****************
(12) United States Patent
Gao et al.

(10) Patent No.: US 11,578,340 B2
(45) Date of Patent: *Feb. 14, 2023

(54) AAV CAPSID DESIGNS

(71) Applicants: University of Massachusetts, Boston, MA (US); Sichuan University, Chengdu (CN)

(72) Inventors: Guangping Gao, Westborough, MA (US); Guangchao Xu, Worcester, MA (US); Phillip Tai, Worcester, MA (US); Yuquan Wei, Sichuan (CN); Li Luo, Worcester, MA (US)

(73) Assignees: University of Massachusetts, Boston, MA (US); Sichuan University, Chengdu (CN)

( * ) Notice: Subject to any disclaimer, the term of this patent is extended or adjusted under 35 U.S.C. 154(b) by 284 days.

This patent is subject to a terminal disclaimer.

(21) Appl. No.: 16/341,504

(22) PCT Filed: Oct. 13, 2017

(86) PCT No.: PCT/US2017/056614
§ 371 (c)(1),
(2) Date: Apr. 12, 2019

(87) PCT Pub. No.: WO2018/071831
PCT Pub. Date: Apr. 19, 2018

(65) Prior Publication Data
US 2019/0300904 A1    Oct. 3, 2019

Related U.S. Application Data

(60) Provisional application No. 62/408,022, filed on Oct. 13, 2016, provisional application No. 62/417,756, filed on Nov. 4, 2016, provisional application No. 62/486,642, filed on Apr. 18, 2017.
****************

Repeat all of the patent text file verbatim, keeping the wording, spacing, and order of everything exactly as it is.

(12) United States Patent
Gao et al.

(10) Patent No.: US 11,578,340 B2
(45) Date of Patent: *Feb. 14, 2023

(54) AAV CAPSID DESIGNS

(71) Applicants: University of Massachusetts, Boston, MA (US); Sichuan University, Chengdu (CN)

(72) Inventors: Guangping Gao, Westborough, MA (US); Guangchao Xu, Worcester, MA (US); Phillip Tai, Worcester, MA (US); Yuquan Wei, Sichuan (CN); Li Luo, Worcester, MA (US)

(73) Assignees: University of Massachusetts, Boston, MA (US); Sichuan University, Chengdu (CN)

( * ) Notice: Subject to any disclaimer, the term of this patent is extended or adjusted under 35 U.S.C. 154(b) by 284 days.

This patent is subject to a terminal disclaimer.

(21) Appl. No.: 16/341,504

(22) PCT Filed: Oct. 13, 2017

(86) PCT No.: PCT/US2017/056614
§ 371 (c)(1),
(2) Date: Apr. 12, 2019

(87) PCT Pub. No.: WO2018/071831
PCT Pub. Date: Apr. 19, 2018

(65) Prior Publication Data
US 2019/0300904 A1    Oct. 3, 2019

Related U.S. Application Data

(60) Provisional application No. 62/408,022, filed on Oct. 13, 2016, provisional application No. 62/417,756, filed on Nov. 4, 2016, provisional application No. 62/486,642, filed on Apr. 18, 2017.